Tuesday, February 12, 2019


I just delivered a kick-ass class about taxonomy to a bunch of elementary school children.  

I have a pet corn snake, or I should say, my daughter Anna has a pet corn snake that lives in my husband’s office and that I commandeer from time to time to show to my nature club kids. The snake road show usually comprises of me doing a dramatic interpretation of Johnny Cash singing Shel Silverstein’s poem I’m being Swallowed by a Boa Constrictor.  I step into a giant slinky and sing OH NO, he’s up to my toes and the kids go nuts. Soon everyone is being swallowed… It is a fun introduction to my snake Stormy who is an easy-going snake and doesn’t mind climbing through a jungle of kids before he is let into an acrylic snake maze where he amazes the kids with his twisting and turning through the tight corridors in search of Micky.

This routine is a hit with the four and five-year-old crowd, however, elementary kids don’t necessarily want to see me getting into a slinky and singing off key. It’s not funny then. Plus, we are a bona fide nature club, and as such, I feel it is my duty to open the elementary students’ eyes to the world of biophilia.  The truth is, as I told my kids today, they are already budding biologists. From the moment they can discern a cat from a dog, a bird from a frog, they are classifying the world and beginning to understand The Tree of Life. And that’s when I launched into my lecture about taxonomy.

What is the first thing you do when your mom asks you to clean your room?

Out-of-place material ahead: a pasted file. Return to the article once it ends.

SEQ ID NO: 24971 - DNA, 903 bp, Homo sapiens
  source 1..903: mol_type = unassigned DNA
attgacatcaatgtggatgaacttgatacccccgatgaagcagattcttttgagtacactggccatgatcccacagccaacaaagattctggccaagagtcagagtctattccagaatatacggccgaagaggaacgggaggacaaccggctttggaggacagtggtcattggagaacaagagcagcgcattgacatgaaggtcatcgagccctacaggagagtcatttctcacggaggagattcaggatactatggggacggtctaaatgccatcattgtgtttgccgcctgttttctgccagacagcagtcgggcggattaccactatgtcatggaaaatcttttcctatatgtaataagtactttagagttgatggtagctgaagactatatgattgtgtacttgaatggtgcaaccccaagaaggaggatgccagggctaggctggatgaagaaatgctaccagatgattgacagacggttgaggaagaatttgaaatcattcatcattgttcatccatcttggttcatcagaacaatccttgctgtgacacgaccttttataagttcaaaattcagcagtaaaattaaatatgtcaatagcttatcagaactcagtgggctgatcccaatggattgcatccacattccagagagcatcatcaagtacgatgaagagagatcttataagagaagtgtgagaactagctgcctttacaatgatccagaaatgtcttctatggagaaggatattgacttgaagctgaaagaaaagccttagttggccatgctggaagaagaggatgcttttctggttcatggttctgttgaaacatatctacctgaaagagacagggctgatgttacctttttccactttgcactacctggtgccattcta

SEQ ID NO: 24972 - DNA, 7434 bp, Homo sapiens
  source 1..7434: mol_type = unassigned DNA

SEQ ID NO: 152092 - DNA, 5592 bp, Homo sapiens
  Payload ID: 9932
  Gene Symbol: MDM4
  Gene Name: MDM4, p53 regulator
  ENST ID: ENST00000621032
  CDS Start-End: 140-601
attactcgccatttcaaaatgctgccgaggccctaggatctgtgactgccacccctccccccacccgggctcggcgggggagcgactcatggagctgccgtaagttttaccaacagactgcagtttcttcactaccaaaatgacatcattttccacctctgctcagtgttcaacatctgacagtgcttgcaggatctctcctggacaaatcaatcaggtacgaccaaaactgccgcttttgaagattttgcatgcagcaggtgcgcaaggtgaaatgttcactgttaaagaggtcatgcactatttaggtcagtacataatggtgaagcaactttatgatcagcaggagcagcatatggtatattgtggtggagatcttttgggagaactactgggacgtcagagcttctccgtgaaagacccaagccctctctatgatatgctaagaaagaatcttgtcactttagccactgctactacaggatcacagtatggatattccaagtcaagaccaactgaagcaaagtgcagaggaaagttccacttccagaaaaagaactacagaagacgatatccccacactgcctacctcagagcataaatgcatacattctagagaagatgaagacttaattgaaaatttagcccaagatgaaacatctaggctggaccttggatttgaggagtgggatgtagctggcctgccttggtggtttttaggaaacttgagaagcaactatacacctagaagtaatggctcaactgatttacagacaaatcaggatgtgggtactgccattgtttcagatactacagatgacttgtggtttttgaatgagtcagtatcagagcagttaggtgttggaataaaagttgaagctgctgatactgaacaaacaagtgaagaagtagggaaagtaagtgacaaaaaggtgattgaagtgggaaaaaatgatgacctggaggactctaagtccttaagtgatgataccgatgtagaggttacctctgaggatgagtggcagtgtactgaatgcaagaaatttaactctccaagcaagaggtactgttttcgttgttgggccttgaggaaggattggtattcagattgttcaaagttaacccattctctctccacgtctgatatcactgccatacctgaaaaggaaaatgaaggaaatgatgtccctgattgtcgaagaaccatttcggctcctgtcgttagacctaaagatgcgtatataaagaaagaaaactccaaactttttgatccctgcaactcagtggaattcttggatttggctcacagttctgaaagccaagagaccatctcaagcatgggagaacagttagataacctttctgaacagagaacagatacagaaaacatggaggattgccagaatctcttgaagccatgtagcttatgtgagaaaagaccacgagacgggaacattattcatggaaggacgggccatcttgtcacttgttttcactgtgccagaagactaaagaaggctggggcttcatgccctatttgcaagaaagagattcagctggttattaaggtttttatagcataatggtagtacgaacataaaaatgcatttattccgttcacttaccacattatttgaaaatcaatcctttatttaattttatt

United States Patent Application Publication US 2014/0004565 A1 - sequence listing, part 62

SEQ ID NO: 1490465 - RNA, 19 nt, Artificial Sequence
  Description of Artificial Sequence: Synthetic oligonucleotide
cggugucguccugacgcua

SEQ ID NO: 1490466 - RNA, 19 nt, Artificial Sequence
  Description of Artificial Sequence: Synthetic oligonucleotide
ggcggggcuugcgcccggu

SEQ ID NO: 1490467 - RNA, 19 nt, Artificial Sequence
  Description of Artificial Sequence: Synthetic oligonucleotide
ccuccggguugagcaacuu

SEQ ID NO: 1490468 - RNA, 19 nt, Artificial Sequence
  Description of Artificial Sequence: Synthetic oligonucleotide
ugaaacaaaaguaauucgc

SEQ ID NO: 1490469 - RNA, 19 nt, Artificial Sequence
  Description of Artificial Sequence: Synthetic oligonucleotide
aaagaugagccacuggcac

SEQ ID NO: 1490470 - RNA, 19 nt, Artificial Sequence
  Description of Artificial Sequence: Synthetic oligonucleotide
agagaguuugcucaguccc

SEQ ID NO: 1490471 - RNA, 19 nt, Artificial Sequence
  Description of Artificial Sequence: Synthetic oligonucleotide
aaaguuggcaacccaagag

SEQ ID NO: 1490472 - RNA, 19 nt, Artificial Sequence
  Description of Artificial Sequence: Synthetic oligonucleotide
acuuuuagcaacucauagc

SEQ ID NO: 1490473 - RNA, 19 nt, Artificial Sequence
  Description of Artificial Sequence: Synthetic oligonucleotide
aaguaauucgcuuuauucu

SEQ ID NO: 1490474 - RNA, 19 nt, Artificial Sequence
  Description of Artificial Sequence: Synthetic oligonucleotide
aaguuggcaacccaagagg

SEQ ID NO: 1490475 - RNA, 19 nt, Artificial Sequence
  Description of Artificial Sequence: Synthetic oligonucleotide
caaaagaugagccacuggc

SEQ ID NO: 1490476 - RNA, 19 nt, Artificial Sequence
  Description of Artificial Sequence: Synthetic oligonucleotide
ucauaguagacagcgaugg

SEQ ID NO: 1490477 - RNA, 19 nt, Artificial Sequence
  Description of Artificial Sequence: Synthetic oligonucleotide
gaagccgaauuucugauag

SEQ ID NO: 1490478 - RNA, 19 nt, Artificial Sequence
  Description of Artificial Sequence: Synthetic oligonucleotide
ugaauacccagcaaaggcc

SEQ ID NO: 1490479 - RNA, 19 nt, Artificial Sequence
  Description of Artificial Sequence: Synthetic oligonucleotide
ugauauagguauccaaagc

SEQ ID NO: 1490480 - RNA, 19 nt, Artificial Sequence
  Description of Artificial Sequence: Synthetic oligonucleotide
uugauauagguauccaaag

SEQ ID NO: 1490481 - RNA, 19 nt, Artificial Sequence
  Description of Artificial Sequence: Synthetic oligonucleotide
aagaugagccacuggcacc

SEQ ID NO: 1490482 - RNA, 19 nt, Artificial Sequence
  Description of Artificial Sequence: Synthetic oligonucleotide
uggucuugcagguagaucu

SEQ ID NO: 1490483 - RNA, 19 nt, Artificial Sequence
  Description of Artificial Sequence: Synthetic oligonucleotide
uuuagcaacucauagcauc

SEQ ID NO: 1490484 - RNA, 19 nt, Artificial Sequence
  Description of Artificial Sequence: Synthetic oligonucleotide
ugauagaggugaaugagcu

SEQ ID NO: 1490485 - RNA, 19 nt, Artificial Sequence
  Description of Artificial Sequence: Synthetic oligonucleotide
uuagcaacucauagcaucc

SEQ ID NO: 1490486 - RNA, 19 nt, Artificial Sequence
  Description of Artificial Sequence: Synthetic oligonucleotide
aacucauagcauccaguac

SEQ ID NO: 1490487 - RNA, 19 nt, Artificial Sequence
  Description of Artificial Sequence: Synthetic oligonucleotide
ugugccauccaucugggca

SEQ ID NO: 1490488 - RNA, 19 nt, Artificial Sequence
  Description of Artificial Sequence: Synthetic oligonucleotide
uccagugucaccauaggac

Immediately one kid shouts out, I sort my clothes.

Correct. The animal kingdom is just like your clothes and it too gets organized into groups -

Kingdom, Phylum, Class, Order, Family, Genus, Species.

Yikes. Too much.

King Philip Came Over From Great Spain.

Mnemonics are good way to remember long lists but as my nature club kids pointed out - who ever  heard of Great Spain? So I shared a tip I learned from my friend and fellow Audubon classmate Susan. She said, Everyone knows Kingdom, Phylum and Genus, Species so just remember to COF (or cough) in the middle. How easy is that?!

At this point, I asked the kids to help me sort a set of animal posters into major groups to demonstrate my point –


These are the five Classes under the Animal Phylum called Chordata.
Then we separated the mammals into even smaller groups -

Hoofed animals
And African Animals

At this point, the kids all smiled because they knew they had just categorized the animals at the Family level. After that, I explained we call the Genus, Species of most animals by their common name.

The kids really liked sorting the animal cards.  And they graciously put up with the long introduction about my favorite member of the Colubridae family, Pantherophis, guttatus better known as a corn snake. Most of all, the kids loved holding Stormy.